With spring upon us, it’s fitting to talk about what the season symbolizes. For many of us, it signifies a new beginning, a fresh start, a time to detox. Not only can we detox our bodies and minds, but also our homes. When we talk about detoxing our homes, it’s with the intention of creating a more inviting space in which to work, be creative, or simply enjoy. When the space is comfortable, we’re encouraged to spend time there and use it to its full potential.
Detoxing your home can have a positive impact on your mental health and overall well-being. I’m sure we can all think of a time when we went into our kitchens, looked around at the clutter or mess, and decided not to cook because of the overwhelming chaos. When our homes are out of order and chaotic, we often feel the same. It can lead us to feel unsafe or uneasy, which often leads to increased anxiety or distress.
These feelings can make it hard to get started on a project or housework because the state of your home is weighing on you. While detoxing your home can feel like a daunting task, my advice to you is to start small and make sure the project is manageable and achievable. That way, any time is a good time to detoxify your home.
First, think about the amount of time you have available. No time is too little—the expectations just have to match. If you have only a limited amount of time, pick a small area of your home; for example, your coat closet. If you need to break it down even further, pick one area of the closet—perhaps just the shoes or the coats. If you do have the time to dedicate to the entire closet, take everything out, and if not, just remove the items of focus.
Second, think about your intentions with the space. Ask yourself: What do you use the space for? What do you want to use the space for? Perhaps the coat closet contains not only your coats and shoes, but your vacuum and mop as well. Although you want to use the space for your coats and shoes, the space is currently being used for your cleaning materials. This shows you may not be using the space to its full potential.
The next step is to declutter the space. To do this, you’ll need to have categories for the items, such as keep, donate, throw out, or sell. Keep in mind that selling items does take additional time. I generally don’t choose to sell because I enjoy giving things to those who need them, and I don’t always have the extra time. This is a personal decision for you to make if you have time and patience to resell.
Begin sorting through the items and place them in their respective categories. Take a moment to think of the last time you wore or used the item. If you haven’t used it in the last year, you probably don’t need it. And even if you have used the item, you’ll want to ask yourself if you truly need it or if it’s worth the space it’s taking up in your home.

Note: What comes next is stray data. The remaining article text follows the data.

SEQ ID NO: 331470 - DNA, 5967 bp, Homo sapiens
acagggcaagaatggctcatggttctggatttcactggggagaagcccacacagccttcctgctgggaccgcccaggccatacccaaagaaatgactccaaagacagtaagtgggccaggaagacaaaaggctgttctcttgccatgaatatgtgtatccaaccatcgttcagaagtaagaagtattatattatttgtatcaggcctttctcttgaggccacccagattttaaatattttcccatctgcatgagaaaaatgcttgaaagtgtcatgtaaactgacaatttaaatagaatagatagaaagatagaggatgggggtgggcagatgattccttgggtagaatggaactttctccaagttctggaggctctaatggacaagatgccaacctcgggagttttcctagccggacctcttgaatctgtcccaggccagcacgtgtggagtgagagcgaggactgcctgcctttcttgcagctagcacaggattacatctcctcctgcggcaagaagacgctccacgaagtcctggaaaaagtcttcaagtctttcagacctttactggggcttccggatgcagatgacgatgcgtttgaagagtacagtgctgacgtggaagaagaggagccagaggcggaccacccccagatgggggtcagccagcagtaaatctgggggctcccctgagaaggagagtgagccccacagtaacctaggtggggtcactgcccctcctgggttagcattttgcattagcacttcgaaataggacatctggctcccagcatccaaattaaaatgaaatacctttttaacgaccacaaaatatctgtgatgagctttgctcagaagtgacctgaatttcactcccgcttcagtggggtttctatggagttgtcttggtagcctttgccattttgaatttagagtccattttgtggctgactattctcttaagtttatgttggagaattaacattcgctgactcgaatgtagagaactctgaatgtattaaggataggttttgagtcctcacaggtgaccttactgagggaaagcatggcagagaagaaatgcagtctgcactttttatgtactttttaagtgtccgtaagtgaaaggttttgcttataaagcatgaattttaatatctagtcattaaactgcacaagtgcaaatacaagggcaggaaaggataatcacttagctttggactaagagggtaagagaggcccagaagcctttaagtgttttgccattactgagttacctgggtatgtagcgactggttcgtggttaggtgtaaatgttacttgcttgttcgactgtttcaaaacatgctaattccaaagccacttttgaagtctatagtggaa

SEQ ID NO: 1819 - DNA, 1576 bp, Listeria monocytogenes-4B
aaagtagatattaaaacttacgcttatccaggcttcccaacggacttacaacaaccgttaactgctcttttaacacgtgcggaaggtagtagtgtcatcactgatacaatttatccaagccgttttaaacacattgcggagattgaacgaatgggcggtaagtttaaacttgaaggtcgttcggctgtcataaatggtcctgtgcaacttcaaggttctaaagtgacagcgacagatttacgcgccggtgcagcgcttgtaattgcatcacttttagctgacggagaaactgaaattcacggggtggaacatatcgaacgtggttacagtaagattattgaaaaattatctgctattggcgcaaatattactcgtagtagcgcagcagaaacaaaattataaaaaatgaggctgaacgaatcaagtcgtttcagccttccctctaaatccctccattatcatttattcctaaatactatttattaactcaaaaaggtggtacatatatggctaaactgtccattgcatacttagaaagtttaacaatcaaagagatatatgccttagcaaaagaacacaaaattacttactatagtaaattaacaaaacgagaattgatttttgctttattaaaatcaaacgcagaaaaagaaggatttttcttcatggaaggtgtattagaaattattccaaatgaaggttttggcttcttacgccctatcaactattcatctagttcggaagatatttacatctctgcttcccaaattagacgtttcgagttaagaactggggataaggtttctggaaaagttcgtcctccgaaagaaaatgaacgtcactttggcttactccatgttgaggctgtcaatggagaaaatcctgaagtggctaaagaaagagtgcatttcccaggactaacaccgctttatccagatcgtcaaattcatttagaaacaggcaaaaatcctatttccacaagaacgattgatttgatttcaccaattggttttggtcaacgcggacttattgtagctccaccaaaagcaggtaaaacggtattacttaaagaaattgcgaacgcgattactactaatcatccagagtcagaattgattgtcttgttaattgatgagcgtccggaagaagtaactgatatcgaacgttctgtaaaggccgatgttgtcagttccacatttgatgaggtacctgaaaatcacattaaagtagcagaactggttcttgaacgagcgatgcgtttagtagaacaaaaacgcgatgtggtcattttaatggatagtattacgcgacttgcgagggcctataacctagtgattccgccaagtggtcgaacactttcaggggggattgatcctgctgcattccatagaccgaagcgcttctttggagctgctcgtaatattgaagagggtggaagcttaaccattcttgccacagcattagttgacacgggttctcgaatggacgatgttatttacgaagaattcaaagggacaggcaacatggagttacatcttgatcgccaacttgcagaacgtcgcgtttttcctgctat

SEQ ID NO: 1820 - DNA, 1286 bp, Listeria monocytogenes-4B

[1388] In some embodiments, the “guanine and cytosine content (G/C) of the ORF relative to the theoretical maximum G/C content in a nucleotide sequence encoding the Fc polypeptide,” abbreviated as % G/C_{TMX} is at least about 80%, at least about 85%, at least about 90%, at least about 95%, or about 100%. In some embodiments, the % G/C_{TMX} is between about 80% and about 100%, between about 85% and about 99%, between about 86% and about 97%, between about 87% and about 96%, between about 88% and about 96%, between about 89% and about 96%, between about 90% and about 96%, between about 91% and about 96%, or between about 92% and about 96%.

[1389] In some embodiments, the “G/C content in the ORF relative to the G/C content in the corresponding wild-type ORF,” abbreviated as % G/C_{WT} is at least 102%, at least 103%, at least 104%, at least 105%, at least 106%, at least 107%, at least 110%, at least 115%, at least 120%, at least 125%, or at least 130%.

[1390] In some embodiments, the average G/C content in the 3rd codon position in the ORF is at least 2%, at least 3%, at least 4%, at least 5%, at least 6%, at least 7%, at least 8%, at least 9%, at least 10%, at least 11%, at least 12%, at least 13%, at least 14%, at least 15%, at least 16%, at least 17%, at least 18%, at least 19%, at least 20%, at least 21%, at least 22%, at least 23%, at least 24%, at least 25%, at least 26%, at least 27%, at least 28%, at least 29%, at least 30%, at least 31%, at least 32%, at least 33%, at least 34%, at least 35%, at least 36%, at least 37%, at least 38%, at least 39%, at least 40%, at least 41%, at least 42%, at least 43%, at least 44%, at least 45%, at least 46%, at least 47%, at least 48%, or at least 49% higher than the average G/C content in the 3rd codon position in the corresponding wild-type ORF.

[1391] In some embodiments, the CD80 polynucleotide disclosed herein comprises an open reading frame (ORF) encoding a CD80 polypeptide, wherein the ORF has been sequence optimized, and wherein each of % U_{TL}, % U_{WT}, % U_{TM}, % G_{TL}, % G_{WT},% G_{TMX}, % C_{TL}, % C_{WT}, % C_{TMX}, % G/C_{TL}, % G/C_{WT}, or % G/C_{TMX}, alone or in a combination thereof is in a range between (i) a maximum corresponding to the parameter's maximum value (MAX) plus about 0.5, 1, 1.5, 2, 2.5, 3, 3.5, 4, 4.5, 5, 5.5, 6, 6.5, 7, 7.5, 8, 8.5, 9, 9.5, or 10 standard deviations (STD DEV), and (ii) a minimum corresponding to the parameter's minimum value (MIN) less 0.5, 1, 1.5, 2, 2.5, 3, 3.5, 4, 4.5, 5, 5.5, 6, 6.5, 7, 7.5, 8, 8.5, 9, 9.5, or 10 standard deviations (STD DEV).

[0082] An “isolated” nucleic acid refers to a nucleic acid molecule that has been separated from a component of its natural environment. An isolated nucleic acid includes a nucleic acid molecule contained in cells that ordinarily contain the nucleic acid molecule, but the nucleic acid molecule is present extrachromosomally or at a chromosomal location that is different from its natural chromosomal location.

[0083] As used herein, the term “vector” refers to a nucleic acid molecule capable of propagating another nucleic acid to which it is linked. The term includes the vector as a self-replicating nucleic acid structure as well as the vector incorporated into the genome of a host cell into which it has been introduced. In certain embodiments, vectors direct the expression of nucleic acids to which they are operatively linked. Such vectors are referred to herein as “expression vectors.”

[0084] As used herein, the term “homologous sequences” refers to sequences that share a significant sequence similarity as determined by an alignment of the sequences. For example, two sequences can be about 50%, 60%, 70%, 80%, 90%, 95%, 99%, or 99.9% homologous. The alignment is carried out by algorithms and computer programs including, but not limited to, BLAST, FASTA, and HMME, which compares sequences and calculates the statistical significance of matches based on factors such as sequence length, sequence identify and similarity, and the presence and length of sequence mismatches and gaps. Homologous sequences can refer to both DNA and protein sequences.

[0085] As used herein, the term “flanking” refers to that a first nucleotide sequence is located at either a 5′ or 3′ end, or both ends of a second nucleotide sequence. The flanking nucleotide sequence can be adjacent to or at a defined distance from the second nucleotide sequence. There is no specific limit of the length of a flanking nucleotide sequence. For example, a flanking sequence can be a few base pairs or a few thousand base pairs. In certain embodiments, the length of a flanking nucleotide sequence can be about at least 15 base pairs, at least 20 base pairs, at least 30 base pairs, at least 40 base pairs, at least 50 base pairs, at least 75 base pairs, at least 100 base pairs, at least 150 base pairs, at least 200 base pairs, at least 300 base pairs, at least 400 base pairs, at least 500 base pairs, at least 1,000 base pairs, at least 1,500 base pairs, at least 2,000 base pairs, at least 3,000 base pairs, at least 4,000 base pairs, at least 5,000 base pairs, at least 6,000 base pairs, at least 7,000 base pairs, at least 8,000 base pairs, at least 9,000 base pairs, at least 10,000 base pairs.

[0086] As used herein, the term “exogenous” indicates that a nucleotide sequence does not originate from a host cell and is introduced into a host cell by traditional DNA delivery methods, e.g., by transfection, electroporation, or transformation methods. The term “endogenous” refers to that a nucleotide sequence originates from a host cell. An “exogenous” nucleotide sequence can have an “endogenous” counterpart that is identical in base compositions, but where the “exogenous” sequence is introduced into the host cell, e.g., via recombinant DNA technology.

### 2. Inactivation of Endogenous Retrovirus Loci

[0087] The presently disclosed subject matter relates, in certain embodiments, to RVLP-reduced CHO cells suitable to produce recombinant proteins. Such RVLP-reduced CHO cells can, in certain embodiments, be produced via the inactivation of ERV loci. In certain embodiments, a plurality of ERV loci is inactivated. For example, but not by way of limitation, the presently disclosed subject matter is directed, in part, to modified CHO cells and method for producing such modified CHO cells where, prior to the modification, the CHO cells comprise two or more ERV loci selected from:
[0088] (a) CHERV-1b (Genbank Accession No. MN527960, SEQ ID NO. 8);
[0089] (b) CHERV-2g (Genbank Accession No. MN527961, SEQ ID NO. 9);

Also think about the quantity of the item. It’s not likely that any one person needs more than one rain jacket, unless perhaps you work outside or live in a particularly rainy climate. You also want to make sure you feel good about what you are purging from your closet. If you are unsure about an item, that’s ok—you can try putting it away for a while and revisiting that item in the future. Remember, everything you remove opens up more space in your home.
Once you’ve sorted through all the items, you should clean the space (sweep, dust, vacuum, etc.) and discard the items in your “throw away” category.
The final step is to organize the area and put everything back. You will do this by putting them back in the closet in a way that provides the most functionality, and you will relocate any items in your “keep” category that don’t belong. I caution you not to simply relocate everything—it’s necessary to remove items from the home that no longer serve you at this time in your life.
Don’t forget about your “sell” and “donate” categories. The closet will need to be maintained periodically, but the maintenance will now be a much shorter process.
Now that you have the method down, you can move throughout your home with the same approach. It will be a freeing experience—as you remove items and clutter from your home, you will start to feel lighter and less bogged down. As you detox your home and spaces, you make room for new beginnings and invite new ideas and creativity into your life. This will improve your quality of life and mental wellness.
I encourage everyone to give this a try. You can start today with your wallet, handbag, or car. Once you begin, you will find yourself eagerly awaiting to detox the next room or space. Enjoy the process and the result.
Cristina DeCrosta, LCSW, is a therapist at Mindful Transformations, a private psychotherapy practice in West Hartford, CT. At Mindful Transformations, Cristina‘s special interest is in perinatal mental health. Cristina uses a variety of therapy modalities including mindfulness and cognitive behavioral therapy (CBT).
Mindful Transformations, 16 Brace Rd, West Hartford CT 06107. Contact Cristina at 860.308.2807 or email firstname.lastname@example.org.